Chandani Chowk – Replica of a Secular India

chandni.jpgHave you ever been to Chandani Chowk? Let me clarify, that I am not going to write about the aura or the splendor of the Red Fort and the Jama Masjid, the crowd of Dariyaganj and Meena Bazar, and not even the mouth-watering paranthas of Chandani Chowk. There is something more to it. Something much graver and deeper. The place is a vision personified of a secular tolerant nation. Surprised at the unique, and never-heard-before description? Think again.

It is a place that shows us how tolerant and considerate we all are towards each other’s religion. And anyway, religion is no more than one’s own different way of worshiping and praying to that divine power, which no one has seen and yet is the source of one’s inner strength, solace and peace. There is Jama Masjid where the Muslims raise their hands towards the sky to pray to their Allah. Then, in the near vicinity, there is a temple where the pandits chant mantras and bells ring in the praise of the Lord. In the adjoining lane, there is a Church, where the candles are lit to pray for peace, love and harmony. There is also a Gurudwara, where food is served to the poor as a service to the Almighty. All of this, existing peacefully in the same premises, situated in the midst of the hustle bustle, shows us that love and harmony dwells amongst all of us.

Every time I go there, I am engulfed by conflicting thoughts. Here, we have a place, which is almost an epitome of Indian secularism and still there exists so much of communal violence in our country. Whenever I visit this place, I am left wondering as to how something as peaceful as religion can trigger so much of violence and havoc amongst its followers.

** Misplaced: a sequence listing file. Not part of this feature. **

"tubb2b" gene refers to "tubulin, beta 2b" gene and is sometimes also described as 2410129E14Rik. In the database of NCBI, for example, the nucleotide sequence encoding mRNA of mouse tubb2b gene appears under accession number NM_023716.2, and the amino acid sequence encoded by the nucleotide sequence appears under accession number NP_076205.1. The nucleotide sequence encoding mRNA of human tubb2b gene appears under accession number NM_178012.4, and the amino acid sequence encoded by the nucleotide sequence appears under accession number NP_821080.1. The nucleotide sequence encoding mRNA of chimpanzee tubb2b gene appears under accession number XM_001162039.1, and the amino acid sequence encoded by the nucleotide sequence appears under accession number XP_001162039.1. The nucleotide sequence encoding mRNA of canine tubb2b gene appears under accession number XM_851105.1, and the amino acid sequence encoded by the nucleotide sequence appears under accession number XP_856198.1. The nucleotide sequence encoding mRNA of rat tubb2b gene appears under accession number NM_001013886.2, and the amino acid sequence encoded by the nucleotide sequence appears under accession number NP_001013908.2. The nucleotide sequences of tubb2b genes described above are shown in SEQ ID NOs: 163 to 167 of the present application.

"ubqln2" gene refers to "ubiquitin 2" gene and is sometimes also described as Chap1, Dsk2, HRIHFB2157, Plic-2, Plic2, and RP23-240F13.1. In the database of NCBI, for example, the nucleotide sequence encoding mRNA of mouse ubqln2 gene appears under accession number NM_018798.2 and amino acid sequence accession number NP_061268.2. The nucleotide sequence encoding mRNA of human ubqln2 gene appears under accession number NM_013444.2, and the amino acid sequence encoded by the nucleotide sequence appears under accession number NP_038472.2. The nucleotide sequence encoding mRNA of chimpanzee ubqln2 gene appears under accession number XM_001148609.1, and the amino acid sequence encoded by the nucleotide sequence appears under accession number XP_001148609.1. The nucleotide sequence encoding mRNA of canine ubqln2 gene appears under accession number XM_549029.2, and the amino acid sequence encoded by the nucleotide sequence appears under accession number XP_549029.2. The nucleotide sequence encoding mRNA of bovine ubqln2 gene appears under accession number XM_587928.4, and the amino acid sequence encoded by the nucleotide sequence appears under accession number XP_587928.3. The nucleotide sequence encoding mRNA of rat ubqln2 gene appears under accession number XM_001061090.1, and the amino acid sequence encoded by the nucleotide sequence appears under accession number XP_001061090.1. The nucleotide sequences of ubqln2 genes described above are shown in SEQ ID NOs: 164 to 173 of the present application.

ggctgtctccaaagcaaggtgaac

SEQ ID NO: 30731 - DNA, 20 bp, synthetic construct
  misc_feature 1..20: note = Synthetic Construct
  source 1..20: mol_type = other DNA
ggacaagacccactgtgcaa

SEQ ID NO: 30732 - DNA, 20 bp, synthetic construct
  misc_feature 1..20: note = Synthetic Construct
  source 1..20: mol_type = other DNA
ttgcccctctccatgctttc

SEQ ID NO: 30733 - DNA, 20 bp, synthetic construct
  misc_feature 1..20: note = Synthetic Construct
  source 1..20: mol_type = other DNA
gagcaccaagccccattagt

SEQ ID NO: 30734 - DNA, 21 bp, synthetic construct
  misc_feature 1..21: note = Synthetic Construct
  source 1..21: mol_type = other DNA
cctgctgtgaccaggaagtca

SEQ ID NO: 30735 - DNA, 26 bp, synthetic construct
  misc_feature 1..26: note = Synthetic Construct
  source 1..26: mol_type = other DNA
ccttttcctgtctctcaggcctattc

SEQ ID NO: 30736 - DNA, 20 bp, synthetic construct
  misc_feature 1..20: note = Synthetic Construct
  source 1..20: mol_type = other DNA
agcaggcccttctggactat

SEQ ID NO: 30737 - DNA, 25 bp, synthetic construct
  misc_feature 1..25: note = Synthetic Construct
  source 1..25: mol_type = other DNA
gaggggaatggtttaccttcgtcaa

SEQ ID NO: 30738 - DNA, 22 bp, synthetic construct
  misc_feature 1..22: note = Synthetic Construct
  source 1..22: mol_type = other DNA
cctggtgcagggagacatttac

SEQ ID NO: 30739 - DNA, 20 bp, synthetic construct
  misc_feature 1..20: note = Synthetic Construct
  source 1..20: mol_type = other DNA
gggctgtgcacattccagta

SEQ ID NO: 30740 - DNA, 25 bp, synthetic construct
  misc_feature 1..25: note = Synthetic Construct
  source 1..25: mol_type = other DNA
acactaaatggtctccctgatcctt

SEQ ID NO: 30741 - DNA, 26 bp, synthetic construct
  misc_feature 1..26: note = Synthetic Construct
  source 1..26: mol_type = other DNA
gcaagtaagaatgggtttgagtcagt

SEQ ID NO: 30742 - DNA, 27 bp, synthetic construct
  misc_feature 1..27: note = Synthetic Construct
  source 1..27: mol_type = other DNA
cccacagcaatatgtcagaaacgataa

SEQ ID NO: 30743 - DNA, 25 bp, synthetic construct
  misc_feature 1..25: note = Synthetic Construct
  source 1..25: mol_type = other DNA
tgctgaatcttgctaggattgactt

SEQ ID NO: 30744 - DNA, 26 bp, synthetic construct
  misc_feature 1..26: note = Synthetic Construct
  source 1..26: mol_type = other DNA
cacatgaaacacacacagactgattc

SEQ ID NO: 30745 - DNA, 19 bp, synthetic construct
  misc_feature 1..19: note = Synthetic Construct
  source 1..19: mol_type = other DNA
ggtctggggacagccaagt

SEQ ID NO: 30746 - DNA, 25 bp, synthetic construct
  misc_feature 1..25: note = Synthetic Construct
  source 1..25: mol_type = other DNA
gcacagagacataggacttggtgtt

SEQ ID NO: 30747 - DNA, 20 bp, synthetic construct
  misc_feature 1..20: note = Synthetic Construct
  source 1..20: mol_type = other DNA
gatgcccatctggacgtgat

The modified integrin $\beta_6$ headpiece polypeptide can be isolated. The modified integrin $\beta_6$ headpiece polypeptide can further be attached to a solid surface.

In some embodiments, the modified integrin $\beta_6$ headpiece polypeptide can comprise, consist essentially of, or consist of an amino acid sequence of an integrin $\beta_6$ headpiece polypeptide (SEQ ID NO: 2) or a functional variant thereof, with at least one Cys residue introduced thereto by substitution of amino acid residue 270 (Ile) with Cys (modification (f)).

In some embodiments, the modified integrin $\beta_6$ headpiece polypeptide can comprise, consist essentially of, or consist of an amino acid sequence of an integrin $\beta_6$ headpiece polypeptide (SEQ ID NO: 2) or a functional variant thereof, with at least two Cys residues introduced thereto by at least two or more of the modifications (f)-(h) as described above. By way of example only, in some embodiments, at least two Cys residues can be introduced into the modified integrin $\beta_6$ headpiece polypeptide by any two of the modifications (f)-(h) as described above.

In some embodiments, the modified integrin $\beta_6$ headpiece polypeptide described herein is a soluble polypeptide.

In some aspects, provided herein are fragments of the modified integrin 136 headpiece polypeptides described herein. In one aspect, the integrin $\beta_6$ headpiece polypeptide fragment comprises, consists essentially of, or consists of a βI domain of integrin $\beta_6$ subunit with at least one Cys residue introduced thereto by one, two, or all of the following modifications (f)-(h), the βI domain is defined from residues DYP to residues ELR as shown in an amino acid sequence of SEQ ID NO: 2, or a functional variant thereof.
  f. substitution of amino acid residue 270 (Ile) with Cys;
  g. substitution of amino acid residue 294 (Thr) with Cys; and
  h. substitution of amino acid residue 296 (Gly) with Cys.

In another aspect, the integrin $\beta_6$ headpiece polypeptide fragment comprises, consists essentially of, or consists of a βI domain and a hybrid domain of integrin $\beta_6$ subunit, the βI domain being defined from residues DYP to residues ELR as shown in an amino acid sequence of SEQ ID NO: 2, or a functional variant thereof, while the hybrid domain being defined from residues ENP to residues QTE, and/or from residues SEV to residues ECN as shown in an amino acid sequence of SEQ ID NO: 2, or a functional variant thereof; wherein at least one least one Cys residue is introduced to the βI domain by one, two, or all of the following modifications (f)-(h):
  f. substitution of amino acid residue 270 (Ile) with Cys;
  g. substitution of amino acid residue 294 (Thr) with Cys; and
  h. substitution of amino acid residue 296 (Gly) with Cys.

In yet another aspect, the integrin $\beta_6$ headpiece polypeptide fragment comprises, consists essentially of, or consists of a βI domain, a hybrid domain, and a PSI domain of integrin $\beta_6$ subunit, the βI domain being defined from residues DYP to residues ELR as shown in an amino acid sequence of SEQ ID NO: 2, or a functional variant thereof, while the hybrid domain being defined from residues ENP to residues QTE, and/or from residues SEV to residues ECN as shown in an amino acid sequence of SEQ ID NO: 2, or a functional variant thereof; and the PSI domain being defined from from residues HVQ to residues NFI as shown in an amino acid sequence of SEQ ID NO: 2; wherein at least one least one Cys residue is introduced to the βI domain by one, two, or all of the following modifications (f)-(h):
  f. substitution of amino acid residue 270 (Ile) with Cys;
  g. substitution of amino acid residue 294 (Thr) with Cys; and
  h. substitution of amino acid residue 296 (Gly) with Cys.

I feel that religion is an abstract concept. It is something that is inherent and embodied within the self. We have no grounds of questioning the beliefs, if we have faith. It is not just a series of plain rituals and practices. Rather, religion is something that gives us support in times of crisis, peace at the time of disturbance and a sense of satisfaction at the time of unrest. Religion is omnipresent and omnipotent, whose authority and power is unquestionable. However, let it be clarified that it does not render our endeavors powerless, rather it increases its intensity and makes us more optimistic. In very simple terms, it is just plain faith, remembrance and belief in some divine power that is a great bundle of energy. And yet, humans fight in its name; kill each other and shed blood. They fail to realize that they massacre in the name of the same God, to whom they pray with such reverence and believe in, with immense faith. How shallow it is to take each other’s lives, just because we differ in our ways of praying to the Almighty? for giving us that very life. Why has it been internalized so deeply in our thoughts that the most unchaste notion that can come to a Hindu girl is to marry a Muslim boy? Why is it that we, despite being human beings, want to shed the same red blood running through the veins of the other? Why is there such intolerance and so much such hatred?

I know it is a very basic, and clichéd question that I ask. However, it is just that we seem to have forgotten how to love, live and let live. Have we forgotten how to be tolerant? Or have we basically forgotten how to be human?

Vibhuti Rathore

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